EAST just published their newest practice management guideline, which pertains to rectal trauma. They sought to answer three questions that pertain to nondestructive penetrating trauma to the extraperitoneal rectum.
Trauma dogma from the 80′s and 90′s mandated that these injuries undergo three things: proximal diversion, distal rectal washout, and presacral drainage. The latter two have had waning interest over the intervening years, and questions have even been raised as to whether diversion is really necessary.
Practice Guideline Committee members at EAST performed a thorough and well documented review of the existing literature to determine what we really should be doing with these injuries.
Here are the factoids:
- Proximal diversion. The major fear that prompts surgeons to divert is the possibility of infectious complications in the area of the rectal injury itself, or death. The literature consisted of 14 papers, most of which were retrospective and observational. Although there was no difference in mortality (about 0%), the incidence of infections doubled in patients without diversion. The recommendation was that patients with these injuries receive a proximal diverting colostomy.
- Presacral drains. Only 17 papers addressed this question, and they were of low quality with few patients. There is not enough evidence to recommend this practice. And from a logistical standpoint, I could never figure out why this should work. The drain is placed in the presacral space, adjacent to the posterior rectum. How can this do anything for an anterior injury?
- Distal rectal washout. In the good old days, this was performed through the distal portion of the newly created colostomy. There were all kinds of fancy ways to do it, and it required converting to lithotomy position and stationing someone (hint: intern) with a bag or bucket to catch the effluent. Very messy and unpleasant. Only 13 papers addressed this practice, and could not convincingly demonstrate a benefit. Not recommended.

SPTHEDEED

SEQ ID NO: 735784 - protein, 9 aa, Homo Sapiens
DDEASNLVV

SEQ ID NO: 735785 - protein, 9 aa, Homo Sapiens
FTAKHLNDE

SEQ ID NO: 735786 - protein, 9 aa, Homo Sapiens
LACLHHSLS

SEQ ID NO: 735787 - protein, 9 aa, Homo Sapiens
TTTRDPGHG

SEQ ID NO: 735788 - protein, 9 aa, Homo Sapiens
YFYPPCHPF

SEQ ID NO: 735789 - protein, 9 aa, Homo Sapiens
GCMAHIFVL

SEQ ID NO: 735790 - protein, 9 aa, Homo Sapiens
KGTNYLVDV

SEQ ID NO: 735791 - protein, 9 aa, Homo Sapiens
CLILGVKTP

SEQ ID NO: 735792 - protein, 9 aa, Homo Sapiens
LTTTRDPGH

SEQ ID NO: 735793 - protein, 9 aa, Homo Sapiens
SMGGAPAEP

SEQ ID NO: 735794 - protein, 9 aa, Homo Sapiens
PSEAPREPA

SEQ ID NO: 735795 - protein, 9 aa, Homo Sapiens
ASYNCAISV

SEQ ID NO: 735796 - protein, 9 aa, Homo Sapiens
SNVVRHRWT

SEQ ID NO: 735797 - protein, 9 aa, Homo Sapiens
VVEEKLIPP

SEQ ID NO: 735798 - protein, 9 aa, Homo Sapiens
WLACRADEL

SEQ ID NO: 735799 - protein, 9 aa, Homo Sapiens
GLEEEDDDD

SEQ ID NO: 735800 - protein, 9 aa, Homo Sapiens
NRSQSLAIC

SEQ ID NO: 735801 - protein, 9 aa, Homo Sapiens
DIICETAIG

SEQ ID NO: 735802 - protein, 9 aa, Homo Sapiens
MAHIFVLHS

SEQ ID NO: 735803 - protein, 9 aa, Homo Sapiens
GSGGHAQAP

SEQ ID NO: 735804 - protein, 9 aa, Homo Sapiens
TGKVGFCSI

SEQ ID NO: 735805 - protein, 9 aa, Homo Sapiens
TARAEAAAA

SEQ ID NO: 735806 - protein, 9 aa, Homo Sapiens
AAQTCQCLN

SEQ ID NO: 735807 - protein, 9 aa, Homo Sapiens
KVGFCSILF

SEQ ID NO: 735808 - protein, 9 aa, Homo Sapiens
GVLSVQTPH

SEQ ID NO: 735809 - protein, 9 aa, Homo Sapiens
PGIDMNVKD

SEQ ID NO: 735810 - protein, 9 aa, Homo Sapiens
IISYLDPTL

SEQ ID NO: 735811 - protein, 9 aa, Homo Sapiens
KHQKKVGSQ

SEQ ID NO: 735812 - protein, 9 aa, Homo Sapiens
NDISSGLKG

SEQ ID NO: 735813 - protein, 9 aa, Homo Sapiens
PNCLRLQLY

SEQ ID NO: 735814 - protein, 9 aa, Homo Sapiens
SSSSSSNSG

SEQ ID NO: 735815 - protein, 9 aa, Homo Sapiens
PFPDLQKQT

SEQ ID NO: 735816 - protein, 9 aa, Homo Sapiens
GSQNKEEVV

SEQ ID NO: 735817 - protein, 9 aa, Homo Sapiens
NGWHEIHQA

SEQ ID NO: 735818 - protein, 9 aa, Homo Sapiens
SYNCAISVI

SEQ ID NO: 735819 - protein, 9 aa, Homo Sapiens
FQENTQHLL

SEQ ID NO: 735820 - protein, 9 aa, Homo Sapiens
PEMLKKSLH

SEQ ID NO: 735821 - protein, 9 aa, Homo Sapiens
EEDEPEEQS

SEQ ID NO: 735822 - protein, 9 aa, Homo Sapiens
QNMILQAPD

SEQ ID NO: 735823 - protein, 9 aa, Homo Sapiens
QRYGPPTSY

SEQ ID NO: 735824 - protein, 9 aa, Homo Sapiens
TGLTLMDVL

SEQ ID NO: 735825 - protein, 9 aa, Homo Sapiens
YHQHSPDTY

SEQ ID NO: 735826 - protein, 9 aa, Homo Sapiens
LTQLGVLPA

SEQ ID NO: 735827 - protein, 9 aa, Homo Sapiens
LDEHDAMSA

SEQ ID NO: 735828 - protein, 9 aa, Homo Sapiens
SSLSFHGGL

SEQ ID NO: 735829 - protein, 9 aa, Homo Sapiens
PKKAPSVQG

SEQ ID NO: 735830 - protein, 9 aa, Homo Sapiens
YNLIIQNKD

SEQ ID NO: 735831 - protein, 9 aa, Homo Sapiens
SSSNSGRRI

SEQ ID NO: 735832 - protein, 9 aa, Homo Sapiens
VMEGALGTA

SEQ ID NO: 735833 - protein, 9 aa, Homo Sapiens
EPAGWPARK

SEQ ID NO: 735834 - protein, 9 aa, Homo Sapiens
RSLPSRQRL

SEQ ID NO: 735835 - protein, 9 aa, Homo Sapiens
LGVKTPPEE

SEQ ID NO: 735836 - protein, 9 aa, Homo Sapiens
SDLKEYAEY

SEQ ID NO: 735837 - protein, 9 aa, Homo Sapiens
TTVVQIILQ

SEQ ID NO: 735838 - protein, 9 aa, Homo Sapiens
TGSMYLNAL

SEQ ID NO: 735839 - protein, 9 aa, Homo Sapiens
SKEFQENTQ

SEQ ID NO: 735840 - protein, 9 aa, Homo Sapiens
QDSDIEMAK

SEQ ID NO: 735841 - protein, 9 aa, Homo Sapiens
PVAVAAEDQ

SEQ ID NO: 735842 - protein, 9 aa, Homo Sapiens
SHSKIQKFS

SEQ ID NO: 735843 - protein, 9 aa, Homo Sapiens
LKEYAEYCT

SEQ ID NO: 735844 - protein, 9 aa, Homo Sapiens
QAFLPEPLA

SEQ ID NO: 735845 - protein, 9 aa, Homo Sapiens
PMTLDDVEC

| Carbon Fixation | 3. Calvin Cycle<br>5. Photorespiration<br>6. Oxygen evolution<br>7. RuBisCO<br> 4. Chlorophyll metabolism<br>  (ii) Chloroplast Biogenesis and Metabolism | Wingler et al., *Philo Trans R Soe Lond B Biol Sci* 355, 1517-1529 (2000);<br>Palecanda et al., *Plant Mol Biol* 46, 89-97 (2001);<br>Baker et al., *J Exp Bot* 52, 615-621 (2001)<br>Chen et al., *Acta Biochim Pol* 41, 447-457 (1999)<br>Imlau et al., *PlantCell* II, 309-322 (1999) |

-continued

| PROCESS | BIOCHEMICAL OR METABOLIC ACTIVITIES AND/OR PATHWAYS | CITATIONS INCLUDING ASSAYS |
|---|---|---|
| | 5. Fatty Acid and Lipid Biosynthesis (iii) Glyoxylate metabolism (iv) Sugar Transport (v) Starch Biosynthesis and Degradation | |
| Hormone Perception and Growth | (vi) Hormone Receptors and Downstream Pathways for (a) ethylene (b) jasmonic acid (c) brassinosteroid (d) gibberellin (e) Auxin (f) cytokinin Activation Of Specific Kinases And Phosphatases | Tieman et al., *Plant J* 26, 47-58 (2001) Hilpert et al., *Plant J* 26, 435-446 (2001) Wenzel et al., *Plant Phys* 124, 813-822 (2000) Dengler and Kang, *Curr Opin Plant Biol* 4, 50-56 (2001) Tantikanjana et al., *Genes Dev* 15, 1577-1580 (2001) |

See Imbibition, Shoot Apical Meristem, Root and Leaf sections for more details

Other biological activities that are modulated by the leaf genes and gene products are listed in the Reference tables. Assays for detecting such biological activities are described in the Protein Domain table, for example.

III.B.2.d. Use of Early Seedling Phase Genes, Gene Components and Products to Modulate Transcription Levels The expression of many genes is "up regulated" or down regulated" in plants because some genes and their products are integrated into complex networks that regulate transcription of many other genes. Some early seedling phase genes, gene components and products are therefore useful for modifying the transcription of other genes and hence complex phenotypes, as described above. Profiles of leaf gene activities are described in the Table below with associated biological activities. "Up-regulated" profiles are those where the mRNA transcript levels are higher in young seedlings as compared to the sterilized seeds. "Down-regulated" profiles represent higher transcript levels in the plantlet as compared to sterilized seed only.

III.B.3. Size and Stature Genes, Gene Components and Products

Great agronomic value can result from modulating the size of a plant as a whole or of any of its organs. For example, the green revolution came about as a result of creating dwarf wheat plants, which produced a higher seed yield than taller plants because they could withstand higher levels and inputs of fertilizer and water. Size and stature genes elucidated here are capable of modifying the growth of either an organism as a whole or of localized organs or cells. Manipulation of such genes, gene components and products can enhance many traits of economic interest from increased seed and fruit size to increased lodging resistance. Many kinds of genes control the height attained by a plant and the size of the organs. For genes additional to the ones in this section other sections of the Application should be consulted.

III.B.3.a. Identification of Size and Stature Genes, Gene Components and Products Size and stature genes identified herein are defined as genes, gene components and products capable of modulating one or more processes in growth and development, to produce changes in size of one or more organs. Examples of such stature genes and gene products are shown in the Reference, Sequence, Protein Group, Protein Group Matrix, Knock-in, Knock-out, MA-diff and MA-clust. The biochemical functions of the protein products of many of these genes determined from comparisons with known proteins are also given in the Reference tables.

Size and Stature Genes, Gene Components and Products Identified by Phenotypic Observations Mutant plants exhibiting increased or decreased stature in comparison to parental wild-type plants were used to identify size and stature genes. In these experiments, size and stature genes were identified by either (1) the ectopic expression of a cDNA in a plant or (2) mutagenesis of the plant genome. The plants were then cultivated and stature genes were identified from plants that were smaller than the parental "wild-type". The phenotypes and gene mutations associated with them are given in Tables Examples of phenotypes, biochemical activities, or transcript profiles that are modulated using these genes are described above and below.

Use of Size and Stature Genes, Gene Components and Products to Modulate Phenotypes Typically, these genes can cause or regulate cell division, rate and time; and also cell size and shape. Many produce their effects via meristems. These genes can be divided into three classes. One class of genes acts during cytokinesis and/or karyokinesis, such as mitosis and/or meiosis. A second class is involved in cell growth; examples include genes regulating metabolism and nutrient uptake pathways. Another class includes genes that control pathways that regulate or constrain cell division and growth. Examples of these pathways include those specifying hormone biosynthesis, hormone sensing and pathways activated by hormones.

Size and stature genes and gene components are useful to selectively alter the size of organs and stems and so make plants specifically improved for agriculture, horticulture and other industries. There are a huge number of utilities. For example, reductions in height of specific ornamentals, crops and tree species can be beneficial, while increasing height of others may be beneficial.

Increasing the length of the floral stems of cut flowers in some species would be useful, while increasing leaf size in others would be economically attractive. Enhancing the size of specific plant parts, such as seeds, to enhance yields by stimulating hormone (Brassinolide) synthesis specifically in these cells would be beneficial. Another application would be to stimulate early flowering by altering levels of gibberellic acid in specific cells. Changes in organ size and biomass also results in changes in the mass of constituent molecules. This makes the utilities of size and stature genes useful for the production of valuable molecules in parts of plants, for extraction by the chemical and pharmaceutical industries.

Some additional tips of my own:
- Do not violate the peritoneal reflection in the pelvis while doing the laparotomy. If the injury is isolated to the distal rectum, you will create a conduit for infection in the deep pelvis. You will have a hard time repairing an injury from above, especially in the usual narrow male pelvis. Don’t look at it; just let it heal on its own.
- Create a standard end colostomy. Surgeons argue that a loop colostomy is convenient because it may be possible to close it later without reopening the midline incision. This is not always the case, and the bridge that is necessary to keep the loop above the skin makes colostomy care very difficult. Patients frequently complain about smelly leaks.
Bottom line: EAST guidelines are helpful in figuring out what to do in certain clinical situations, but they do not provide detailed guidance. This guideline provided answers (as best they could) to just three questions about rectal trauma. They justify not doing things that most surgeons have not been doing for some time. But don’t try to talk yourself out of not doing the diverting colostomy.
Management of penetrating extraperitoneal rectal injuries: An Eastern Association for the Surgery of Trauma practice management guideline. J Trauma 80(3):546-551, 2016.